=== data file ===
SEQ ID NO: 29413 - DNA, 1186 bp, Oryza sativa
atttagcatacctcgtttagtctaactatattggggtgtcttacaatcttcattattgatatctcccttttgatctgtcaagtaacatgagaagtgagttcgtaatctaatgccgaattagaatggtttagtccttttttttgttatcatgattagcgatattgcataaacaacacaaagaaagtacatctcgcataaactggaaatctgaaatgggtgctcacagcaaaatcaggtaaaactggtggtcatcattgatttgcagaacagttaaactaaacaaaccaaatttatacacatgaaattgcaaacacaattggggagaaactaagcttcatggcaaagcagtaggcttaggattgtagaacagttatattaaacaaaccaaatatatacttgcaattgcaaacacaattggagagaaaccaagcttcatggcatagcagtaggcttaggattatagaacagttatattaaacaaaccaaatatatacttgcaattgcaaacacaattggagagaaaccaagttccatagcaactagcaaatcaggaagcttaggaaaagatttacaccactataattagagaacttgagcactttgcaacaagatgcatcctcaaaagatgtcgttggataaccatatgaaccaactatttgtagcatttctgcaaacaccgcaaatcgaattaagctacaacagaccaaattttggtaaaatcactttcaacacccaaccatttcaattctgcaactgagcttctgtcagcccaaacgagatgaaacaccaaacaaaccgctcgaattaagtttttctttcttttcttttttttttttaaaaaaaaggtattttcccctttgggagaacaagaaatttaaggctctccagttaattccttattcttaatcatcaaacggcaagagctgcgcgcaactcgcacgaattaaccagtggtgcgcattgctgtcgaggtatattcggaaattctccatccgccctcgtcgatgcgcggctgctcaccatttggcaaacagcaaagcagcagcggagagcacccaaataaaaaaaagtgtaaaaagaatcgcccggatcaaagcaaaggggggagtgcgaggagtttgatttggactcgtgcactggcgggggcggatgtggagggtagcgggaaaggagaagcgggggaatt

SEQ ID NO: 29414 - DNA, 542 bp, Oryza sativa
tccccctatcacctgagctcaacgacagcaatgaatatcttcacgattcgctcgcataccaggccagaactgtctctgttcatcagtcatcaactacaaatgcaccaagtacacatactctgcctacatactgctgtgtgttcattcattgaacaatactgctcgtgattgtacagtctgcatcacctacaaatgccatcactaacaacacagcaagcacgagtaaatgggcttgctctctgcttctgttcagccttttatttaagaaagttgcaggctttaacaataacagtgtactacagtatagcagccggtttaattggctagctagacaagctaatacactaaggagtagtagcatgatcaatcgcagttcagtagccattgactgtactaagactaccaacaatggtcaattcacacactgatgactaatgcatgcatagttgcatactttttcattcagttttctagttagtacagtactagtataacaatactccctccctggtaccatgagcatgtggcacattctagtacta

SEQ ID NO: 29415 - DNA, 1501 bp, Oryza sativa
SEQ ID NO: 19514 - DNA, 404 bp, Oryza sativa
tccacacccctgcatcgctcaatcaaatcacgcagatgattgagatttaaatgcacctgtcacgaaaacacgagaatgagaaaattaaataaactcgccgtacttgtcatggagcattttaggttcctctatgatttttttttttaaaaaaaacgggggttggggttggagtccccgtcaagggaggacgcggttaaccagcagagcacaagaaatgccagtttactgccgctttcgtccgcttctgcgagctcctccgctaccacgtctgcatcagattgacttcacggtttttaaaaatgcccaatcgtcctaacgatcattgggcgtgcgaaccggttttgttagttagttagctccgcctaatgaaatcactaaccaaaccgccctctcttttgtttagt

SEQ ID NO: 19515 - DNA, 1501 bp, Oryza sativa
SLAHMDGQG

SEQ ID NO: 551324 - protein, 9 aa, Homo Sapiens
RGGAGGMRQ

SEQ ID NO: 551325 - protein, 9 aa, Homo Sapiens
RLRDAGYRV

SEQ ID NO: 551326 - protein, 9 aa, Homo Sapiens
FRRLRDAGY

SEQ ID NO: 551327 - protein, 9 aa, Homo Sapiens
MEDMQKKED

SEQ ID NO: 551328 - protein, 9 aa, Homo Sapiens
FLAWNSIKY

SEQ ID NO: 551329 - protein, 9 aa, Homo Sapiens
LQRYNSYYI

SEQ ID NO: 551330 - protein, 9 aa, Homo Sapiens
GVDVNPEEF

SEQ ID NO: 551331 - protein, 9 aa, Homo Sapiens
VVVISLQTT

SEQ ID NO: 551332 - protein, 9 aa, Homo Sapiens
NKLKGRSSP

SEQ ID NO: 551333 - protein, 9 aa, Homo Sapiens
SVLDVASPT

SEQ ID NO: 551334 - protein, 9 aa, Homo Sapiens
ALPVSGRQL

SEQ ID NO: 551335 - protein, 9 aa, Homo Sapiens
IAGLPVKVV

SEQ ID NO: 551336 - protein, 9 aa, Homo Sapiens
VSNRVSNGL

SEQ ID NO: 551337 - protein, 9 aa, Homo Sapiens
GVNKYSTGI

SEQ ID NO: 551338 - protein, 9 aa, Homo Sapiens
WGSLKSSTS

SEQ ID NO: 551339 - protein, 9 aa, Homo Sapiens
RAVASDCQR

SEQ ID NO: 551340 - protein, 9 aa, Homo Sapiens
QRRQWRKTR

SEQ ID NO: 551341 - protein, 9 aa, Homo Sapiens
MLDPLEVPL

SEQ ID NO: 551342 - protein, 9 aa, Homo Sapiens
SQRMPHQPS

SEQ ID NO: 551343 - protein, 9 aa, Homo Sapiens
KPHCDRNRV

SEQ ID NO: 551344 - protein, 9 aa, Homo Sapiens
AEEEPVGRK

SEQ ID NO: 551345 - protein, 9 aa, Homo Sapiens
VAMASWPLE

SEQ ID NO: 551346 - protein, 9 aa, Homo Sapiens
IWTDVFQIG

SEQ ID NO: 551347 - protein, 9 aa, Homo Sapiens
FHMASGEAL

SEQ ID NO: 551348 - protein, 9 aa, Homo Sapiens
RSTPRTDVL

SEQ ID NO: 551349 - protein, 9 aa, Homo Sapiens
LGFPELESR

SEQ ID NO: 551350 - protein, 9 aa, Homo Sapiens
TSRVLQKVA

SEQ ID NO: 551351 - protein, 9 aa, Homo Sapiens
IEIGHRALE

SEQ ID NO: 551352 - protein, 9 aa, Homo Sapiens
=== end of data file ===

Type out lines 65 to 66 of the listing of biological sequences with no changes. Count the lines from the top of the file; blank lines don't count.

IEIGHRALE

SEQ ID NO: 551352 - protein, 9 aa, Homo Sapiens